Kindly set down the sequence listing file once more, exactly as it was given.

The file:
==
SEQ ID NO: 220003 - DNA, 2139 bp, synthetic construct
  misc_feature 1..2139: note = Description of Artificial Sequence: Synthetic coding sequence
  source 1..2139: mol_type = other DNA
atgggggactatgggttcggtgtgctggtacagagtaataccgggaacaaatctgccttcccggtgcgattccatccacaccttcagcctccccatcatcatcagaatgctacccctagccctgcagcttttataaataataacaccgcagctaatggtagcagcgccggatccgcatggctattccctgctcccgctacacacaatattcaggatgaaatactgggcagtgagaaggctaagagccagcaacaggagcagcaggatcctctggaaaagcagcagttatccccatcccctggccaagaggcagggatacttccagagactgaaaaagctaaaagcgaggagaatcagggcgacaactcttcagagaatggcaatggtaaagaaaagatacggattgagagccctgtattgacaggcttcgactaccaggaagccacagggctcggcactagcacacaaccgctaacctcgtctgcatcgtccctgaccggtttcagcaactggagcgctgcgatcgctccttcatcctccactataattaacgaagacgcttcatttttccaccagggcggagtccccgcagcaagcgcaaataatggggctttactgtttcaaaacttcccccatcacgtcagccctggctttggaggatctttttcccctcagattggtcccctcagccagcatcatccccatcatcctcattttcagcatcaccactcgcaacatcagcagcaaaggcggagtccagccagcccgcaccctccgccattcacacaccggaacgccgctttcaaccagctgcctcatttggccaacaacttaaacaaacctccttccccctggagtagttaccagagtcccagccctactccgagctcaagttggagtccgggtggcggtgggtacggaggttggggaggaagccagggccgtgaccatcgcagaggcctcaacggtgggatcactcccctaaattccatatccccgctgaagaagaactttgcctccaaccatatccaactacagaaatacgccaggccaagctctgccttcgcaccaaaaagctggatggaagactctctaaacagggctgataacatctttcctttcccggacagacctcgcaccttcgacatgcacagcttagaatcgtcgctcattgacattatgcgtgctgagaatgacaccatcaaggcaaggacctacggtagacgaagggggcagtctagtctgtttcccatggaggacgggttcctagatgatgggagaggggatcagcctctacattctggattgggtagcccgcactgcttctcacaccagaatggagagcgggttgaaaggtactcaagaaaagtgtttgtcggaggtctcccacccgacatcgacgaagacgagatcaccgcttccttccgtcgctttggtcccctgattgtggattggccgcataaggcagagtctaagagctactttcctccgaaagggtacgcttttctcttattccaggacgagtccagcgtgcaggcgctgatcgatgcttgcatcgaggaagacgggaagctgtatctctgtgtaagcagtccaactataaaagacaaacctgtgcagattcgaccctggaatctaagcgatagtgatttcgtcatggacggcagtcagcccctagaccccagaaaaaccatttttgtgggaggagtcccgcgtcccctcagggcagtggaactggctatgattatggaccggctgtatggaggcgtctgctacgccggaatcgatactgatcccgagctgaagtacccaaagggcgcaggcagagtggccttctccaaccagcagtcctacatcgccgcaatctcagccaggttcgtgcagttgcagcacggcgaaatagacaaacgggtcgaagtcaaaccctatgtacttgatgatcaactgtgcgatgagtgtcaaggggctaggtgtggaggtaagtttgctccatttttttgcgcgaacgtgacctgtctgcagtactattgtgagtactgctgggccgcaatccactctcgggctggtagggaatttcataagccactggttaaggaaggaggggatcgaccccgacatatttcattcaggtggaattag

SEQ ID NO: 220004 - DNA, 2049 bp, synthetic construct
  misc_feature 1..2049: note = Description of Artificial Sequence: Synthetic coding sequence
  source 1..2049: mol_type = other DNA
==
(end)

SEQ ID NO: 220003 - DNA, 2139 bp, synthetic construct
  misc_feature 1..2139: note = Description of Artificial Sequence: Synthetic coding sequence
  source 1..2139: mol_type = other DNA
atgggggactatgggttcggtgtgctggtacagagtaataccgggaacaaatctgccttcccggtgcgattccatccacaccttcagcctccccatcatcatcagaatgctacccctagccctgcagcttttataaataataacaccgcagctaatggtagcagcgccggatccgcatggctattccctgctcccgctacacacaatattcaggatgaaatactgggcagtgagaaggctaagagccagcaacaggagcagcaggatcctctggaaaagcagcagttatccccatcccctggccaagaggcagggatacttccagagactgaaaaagctaaaagcgaggagaatcagggcgacaactcttcagagaatggcaatggtaaagaaaagatacggattgagagccctgtattgacaggcttcgactaccaggaagccacagggctcggcactagcacacaaccgctaacctcgtctgcatcgtccctgaccggtttcagcaactggagcgctgcgatcgctccttcatcctccactataattaacgaagacgcttcatttttccaccagggcggagtccccgcagcaagcgcaaataatggggctttactgtttcaaaacttcccccatcacgtcagccctggctttggaggatctttttcccctcagattggtcccctcagccagcatcatccccatcatcctcattttcagcatcaccactcgcaacatcagcagcaaaggcggagtccagccagcccgcaccctccgccattcacacaccggaacgccgctttcaaccagctgcctcatttggccaacaacttaaacaaacctccttccccctggagtagttaccagagtcccagccctactccgagctcaagttggagtccgggtggcggtgggtacggaggttggggaggaagccagggccgtgaccatcgcagaggcctcaacggtgggatcactcccctaaattccatatccccgctgaagaagaactttgcctccaaccatatccaactacagaaatacgccaggccaagctctgccttcgcaccaaaaagctggatggaagactctctaaacagggctgataacatctttcctttcccggacagacctcgcaccttcgacatgcacagcttagaatcgtcgctcattgacattatgcgtgctgagaatgacaccatcaaggcaaggacctacggtagacgaagggggcagtctagtctgtttcccatggaggacgggttcctagatgatgggagaggggatcagcctctacattctggattgggtagcccgcactgcttctcacaccagaatggagagcgggttgaaaggtactcaagaaaagtgtttgtcggaggtctcccacccgacatcgacgaagacgagatcaccgcttccttccgtcgctttggtcccctgattgtggattggccgcataaggcagagtctaagagctactttcctccgaaagggtacgcttttctcttattccaggacgagtccagcgtgcaggcgctgatcgatgcttgcatcgaggaagacgggaagctgtatctctgtgtaagcagtccaactataaaagacaaacctgtgcagattcgaccctggaatctaagcgatagtgatttcgtcatggacggcagtcagcccctagaccccagaaaaaccatttttgtgggaggagtcccgcgtcccctcagggcagtggaactggctatgattatggaccggctgtatggaggcgtctgctacgccggaatcgatactgatcccgagctgaagtacccaaagggcgcaggcagagtggccttctccaaccagcagtcctacatcgccgcaatctcagccaggttcgtgcagttgcagcacggcgaaatagacaaacgggtcgaagtcaaaccctatgtacttgatgatcaactgtgcgatgagtgtcaaggggctaggtgtggaggtaagtttgctccatttttttgcgcgaacgtgacctgtctgcagtactattgtgagtactgctgggccgcaatccactctcgggctggtagggaatttcataagccactggttaaggaaggaggggatcgaccccgacatatttcattcaggtggaattag

SEQ ID NO: 220004 - DNA, 2049 bp, synthetic construct
  misc_feature 1..2049: note = Description of Artificial Sequence: Synthetic coding sequence
  source 1..2049: mol_type = other DNA